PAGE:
There are several kinds of common fungal infections. Some are caused by yeast, some develop thanks to mold, and others are due to an actual fungus (called dermatophyte) inhabiting the nail. For that reason, people who have cuts under their nails are at a higher risk of developing fungus in those areas. When it comes to contracting nail fungus, the toenails are much easier to infect. This is because the body streams a lot of blood to the hands and fingers, but less to the feet and toes. Less circulation means that the body is paying less attention to these parts, and that makes it that much easier for fungi to creep in under the body’s immunity radar, and set up camp.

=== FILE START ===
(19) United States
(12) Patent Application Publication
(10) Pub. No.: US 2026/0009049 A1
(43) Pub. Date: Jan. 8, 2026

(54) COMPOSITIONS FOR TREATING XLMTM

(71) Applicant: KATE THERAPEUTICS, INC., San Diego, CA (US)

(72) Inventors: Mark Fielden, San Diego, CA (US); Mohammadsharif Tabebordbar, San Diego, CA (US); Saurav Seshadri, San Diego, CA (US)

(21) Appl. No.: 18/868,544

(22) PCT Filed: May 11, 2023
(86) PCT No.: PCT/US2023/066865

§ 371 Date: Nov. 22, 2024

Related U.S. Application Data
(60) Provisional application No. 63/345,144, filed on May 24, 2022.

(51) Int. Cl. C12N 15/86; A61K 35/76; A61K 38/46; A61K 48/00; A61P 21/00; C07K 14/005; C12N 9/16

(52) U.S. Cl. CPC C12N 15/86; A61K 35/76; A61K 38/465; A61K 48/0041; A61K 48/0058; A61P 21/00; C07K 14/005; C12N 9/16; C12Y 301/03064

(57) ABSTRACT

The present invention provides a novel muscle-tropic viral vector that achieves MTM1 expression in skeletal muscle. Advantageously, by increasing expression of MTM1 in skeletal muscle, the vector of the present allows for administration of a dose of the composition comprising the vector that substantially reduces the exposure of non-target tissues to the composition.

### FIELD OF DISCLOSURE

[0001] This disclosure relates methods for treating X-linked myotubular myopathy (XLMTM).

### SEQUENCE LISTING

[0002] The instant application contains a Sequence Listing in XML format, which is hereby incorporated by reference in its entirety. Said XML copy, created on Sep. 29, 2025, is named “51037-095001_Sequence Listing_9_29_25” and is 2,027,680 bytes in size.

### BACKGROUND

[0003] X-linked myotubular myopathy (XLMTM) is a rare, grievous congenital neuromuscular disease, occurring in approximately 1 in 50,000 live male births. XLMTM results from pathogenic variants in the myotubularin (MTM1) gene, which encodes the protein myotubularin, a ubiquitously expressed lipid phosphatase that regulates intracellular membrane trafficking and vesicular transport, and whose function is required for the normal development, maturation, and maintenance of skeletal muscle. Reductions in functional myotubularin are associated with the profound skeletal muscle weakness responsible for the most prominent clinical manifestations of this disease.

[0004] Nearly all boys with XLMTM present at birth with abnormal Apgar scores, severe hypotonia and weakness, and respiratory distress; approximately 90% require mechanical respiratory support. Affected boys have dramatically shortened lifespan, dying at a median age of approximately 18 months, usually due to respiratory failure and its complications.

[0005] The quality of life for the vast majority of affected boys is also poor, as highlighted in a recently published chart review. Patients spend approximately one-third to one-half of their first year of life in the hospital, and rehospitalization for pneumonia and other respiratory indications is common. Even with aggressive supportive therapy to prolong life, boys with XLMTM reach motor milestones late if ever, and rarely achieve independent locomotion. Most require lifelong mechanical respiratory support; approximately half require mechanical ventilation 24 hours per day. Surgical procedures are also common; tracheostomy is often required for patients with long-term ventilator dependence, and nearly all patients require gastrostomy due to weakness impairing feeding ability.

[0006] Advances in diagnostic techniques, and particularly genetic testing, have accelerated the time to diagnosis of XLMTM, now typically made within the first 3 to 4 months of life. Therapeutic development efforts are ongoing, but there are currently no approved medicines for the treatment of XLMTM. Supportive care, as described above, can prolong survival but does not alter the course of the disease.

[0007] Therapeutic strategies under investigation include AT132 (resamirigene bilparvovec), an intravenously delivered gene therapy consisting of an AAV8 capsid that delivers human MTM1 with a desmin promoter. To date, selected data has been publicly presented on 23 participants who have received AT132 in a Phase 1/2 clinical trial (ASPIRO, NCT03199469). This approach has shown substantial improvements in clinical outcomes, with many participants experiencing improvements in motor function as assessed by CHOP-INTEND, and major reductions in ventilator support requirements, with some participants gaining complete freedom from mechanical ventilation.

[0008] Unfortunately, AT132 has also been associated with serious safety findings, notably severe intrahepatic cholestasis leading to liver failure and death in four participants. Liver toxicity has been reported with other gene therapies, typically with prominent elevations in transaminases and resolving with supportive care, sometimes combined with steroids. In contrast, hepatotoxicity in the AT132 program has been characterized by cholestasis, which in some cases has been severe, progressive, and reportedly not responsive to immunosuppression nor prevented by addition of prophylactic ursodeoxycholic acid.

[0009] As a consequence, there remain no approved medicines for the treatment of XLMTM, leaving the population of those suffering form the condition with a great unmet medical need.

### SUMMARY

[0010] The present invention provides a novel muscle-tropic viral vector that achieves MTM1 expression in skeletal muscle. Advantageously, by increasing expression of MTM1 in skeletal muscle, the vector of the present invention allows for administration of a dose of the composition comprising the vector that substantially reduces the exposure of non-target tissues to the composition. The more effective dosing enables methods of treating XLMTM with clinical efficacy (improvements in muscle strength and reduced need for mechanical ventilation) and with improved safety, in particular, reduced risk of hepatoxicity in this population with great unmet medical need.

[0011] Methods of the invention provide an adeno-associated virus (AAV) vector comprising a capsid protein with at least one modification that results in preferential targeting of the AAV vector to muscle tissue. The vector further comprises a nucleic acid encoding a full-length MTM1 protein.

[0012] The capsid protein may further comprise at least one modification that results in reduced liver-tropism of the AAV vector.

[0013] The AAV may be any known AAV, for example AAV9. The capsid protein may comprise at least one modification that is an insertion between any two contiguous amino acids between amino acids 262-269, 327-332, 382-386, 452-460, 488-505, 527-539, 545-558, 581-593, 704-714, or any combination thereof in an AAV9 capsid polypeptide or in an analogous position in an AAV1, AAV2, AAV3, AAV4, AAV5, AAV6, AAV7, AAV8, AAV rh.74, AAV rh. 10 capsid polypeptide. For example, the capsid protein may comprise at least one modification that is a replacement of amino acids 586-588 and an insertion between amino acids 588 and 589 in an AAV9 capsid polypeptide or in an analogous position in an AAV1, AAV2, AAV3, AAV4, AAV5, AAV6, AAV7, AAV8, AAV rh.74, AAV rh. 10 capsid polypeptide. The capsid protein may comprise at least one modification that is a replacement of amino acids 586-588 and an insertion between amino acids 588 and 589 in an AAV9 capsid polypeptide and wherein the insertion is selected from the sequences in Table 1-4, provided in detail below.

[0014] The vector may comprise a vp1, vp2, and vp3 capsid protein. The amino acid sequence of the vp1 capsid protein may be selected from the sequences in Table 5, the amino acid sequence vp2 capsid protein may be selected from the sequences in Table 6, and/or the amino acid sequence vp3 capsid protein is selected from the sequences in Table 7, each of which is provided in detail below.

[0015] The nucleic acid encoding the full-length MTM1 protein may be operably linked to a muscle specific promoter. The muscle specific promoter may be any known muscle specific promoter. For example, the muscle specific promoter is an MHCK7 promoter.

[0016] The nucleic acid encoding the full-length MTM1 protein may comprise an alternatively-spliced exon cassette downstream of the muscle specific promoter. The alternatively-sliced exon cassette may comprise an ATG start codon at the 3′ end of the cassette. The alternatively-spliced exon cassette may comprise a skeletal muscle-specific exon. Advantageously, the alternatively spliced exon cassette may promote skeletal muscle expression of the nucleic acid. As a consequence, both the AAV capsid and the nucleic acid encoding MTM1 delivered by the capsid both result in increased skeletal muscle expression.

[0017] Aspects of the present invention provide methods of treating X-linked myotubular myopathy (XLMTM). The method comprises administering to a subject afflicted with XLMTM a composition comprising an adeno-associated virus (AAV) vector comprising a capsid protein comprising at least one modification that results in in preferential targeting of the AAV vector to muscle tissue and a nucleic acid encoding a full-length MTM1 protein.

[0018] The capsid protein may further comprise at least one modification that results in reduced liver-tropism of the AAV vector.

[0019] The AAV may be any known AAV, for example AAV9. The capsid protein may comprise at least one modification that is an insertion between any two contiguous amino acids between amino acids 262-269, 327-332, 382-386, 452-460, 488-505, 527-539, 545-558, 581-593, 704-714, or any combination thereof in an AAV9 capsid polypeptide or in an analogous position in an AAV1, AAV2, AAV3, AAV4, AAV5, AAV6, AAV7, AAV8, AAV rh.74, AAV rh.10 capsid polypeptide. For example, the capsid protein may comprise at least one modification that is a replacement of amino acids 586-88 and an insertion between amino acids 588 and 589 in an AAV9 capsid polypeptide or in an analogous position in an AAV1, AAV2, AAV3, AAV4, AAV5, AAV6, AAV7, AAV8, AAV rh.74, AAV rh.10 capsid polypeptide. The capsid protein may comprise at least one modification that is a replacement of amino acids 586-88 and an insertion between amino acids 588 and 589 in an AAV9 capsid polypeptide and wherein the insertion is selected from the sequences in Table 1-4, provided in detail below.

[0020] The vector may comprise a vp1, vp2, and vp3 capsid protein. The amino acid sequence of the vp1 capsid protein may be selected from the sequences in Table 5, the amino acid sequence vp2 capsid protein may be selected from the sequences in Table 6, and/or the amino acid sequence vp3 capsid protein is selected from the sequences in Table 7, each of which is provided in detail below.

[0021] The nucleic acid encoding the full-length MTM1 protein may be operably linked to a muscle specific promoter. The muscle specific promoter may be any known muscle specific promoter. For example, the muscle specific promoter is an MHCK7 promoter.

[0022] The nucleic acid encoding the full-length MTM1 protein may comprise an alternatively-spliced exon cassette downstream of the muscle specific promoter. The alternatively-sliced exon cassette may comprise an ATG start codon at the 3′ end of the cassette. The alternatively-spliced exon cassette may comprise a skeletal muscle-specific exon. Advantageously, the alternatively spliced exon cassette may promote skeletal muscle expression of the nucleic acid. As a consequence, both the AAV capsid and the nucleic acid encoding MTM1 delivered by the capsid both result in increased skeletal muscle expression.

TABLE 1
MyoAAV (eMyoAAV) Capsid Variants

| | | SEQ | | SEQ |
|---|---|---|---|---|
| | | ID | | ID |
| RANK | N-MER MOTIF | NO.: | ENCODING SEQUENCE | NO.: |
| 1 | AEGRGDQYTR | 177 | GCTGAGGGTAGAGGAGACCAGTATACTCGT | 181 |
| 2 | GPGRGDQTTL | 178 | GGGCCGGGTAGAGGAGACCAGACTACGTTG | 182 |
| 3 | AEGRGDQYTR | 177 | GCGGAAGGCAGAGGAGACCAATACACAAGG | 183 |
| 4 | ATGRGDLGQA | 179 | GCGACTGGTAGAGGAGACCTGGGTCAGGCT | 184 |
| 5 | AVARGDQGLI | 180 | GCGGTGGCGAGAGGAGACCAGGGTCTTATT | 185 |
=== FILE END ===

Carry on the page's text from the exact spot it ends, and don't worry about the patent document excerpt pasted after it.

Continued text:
— Pam Best (@HealthWholeness) July 17, 2017
What does a fungal infection look and feel like? Well, the visual and tactile symptoms of fungus of the fingernails and toenails are many and varied. They include, but are not limited to:
- An unpleasant odor emanating from the infected nails
- Unnaturally thick nails
- Pains in the infected nails and the areas surrounding them
- Distortion of the nail’s shape and texture
- Discoloration (light or dark) of the infected nails
Risk groups: Certain people – or groups of people – are at a greater risk of contracting this common, yet very unpleasant, condition. Fungal infection of the nails can technically affect anyone and everyone, but there are those of us who may catch it with greater ease than others. These groups include:
- Well, first of all, men. Men are at a larger risk than women. Aren’t you lucky!